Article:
President Obama has put securing Afghanistan near the top of his foreign policy agenda, but "victory" in the war-torn country isn't necessarily the United States' goal, he said Thursday in a TV interview.
"I'm always worried about using the word 'victory,' because, you know, it invokes this notion of Emperor Hirohito coming down and signing a surrender to MacArthur," Obama told ABC News.
The enemy facing U.S. and Afghan forces isn't so clearly defined, he explained.
"We're not dealing with nation states at this point. We're concerned with Al Qaeda and the Taliban, Al Qaeda's allies," he said. "So when you have a non-state actor, a shadowy operation like Al Qaeda, our goal is to make sure they can't attack the United States."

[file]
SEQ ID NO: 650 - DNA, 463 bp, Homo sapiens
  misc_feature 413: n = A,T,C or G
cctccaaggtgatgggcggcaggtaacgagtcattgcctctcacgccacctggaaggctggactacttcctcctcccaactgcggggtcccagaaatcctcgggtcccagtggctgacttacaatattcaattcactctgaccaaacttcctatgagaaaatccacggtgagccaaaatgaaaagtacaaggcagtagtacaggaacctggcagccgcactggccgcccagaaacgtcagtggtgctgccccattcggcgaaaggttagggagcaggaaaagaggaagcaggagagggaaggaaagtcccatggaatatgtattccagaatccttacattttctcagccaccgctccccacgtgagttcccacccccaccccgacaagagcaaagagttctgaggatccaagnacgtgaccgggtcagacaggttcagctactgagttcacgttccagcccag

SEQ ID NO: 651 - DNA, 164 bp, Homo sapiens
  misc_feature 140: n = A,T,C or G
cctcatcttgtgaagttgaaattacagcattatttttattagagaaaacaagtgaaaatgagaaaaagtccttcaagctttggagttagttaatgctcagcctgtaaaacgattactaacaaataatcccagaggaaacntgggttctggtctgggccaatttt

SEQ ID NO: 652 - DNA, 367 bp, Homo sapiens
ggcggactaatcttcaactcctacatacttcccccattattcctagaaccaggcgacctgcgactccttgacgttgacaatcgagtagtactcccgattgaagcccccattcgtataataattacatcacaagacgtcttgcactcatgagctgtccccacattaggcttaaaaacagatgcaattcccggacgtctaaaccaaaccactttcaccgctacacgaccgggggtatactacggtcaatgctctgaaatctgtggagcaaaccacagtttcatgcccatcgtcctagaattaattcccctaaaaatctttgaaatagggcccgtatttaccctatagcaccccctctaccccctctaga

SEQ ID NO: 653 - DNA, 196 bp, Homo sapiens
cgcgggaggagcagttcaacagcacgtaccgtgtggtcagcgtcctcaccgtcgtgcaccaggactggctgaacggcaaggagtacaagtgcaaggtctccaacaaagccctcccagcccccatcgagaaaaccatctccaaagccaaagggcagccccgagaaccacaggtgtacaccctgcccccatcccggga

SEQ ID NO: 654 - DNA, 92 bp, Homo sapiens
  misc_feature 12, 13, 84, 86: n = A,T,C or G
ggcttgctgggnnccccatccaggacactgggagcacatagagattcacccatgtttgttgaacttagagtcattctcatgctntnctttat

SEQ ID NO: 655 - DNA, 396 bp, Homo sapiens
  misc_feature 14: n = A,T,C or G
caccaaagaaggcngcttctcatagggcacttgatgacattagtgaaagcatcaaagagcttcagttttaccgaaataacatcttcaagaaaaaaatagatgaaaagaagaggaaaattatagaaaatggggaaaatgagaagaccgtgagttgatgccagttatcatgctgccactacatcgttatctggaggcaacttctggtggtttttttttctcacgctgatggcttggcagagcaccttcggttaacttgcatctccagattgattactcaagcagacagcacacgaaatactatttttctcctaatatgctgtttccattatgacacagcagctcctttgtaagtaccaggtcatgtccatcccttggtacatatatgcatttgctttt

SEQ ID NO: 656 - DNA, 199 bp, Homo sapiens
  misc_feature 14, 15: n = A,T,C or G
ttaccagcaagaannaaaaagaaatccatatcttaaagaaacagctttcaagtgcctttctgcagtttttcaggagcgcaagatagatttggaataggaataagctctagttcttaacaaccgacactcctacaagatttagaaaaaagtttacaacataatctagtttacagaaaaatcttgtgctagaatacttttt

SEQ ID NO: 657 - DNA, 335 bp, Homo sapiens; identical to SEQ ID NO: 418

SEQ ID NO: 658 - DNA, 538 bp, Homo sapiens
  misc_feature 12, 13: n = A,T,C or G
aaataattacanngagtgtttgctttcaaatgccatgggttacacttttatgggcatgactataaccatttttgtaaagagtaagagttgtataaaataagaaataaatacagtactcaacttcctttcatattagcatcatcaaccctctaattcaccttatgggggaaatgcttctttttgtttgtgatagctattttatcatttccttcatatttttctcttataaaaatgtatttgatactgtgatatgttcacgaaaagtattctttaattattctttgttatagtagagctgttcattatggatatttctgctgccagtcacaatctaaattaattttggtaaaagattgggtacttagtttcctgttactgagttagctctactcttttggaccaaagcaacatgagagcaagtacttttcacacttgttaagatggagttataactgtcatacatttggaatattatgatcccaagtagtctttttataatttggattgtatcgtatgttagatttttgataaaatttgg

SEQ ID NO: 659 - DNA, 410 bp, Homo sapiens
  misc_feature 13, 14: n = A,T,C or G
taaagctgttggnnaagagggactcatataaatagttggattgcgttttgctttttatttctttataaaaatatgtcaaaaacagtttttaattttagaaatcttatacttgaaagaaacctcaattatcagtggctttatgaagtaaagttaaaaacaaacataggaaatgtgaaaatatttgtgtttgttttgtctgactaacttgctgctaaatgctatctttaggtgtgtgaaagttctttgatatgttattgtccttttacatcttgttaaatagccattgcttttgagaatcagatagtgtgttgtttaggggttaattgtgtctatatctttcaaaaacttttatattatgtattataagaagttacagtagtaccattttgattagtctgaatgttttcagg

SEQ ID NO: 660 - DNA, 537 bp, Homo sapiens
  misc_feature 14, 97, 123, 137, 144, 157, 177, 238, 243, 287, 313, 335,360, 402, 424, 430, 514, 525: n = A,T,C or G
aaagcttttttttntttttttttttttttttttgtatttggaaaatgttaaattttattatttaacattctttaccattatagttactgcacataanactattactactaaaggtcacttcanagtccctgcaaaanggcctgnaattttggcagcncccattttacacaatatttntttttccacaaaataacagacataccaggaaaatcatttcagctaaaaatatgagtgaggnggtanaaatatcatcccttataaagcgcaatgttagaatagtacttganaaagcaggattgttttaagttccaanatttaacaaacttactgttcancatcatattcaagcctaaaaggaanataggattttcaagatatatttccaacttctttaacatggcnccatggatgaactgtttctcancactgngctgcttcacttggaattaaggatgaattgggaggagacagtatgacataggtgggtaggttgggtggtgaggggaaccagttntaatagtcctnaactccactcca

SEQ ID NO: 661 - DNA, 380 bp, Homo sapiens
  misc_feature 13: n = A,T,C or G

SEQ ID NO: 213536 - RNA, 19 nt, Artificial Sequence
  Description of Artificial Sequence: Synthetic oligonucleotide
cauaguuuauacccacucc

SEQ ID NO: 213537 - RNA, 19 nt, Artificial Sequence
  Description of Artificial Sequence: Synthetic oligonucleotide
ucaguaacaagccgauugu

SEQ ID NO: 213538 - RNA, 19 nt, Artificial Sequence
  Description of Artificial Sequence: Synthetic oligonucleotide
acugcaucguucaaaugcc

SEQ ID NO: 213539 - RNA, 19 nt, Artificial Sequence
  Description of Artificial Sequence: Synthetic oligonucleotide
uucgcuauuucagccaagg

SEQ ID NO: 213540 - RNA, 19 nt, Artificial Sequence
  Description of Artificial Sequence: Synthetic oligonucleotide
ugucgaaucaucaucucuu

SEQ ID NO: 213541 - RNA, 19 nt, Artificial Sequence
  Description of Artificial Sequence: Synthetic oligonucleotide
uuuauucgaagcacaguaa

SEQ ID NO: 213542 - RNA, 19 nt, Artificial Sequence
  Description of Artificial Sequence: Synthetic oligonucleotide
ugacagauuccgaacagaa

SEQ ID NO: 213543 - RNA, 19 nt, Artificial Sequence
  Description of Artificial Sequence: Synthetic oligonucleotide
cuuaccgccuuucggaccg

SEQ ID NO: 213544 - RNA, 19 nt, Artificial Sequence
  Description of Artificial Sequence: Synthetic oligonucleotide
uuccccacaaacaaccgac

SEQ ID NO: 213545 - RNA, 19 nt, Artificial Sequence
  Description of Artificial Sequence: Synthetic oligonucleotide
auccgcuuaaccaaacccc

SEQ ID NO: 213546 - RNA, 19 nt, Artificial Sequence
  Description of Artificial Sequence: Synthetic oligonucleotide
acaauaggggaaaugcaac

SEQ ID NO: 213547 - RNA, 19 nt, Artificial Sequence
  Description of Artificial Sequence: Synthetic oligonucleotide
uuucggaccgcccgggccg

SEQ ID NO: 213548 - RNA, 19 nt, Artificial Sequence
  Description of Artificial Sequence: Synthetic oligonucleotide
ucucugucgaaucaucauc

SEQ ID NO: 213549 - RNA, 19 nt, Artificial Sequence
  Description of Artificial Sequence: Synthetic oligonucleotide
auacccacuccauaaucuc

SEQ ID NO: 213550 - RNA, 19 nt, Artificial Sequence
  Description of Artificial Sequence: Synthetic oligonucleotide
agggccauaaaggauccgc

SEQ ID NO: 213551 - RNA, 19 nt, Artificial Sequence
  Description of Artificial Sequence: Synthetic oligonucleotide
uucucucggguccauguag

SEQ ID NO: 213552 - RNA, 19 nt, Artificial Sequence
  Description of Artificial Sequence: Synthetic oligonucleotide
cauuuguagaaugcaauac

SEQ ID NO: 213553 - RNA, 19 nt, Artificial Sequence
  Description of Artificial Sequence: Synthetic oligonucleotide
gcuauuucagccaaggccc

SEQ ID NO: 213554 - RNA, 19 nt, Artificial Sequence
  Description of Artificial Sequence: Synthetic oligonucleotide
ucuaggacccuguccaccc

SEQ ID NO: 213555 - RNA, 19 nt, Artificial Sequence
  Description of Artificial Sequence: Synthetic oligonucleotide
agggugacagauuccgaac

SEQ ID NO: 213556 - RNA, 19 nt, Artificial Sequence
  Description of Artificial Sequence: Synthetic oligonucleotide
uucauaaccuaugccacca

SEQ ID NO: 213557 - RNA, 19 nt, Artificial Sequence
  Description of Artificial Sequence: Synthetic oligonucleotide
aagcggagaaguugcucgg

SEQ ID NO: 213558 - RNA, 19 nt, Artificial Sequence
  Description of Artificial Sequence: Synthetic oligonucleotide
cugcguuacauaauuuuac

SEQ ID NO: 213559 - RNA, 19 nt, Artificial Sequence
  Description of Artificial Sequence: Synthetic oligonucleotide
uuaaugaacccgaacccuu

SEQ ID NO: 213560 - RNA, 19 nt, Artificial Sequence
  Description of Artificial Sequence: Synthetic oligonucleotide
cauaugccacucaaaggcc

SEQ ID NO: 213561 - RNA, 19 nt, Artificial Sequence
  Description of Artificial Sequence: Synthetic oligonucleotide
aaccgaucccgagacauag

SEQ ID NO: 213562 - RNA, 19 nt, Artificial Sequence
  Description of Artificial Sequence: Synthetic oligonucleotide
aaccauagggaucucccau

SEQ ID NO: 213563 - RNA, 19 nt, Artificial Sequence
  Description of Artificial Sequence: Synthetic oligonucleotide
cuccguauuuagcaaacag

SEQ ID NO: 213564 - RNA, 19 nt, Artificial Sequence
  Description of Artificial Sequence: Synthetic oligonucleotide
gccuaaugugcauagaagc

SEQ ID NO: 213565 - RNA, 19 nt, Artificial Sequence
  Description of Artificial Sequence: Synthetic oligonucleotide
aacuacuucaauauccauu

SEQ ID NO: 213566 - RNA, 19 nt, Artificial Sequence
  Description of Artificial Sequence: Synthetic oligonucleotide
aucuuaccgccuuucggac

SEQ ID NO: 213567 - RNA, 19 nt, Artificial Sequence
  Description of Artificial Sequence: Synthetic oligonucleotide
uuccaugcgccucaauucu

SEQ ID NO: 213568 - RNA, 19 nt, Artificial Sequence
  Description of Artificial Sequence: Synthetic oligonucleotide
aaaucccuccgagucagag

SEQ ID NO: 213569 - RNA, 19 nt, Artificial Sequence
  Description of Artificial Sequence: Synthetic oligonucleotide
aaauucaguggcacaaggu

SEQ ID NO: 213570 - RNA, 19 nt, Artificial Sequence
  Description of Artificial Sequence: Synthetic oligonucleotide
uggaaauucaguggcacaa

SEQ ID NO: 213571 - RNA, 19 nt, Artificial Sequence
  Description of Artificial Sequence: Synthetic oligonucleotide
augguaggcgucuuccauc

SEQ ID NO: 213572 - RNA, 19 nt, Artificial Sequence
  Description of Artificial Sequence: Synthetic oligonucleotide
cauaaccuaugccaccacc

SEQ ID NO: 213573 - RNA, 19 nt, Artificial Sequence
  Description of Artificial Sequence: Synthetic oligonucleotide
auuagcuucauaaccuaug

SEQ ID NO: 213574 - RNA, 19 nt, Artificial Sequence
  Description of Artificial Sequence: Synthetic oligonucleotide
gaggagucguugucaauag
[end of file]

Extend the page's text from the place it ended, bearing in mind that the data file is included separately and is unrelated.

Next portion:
First of all, I highly suggest reading the article in its entirety. Second of all. . . .
If they're not being sent to win, then don't send them in. When is victory not the goal? Aside from when it pertains to Afghanistan, of course. Why should we be worried about using the word "victory?" "Victory" is simply a word, some organized characters, until they're given meaning. Until we emerge from this war victorious. Regardless of what our government decides, I believe that our troops will emerge victorious. The politicians may lose this war, but our military will not.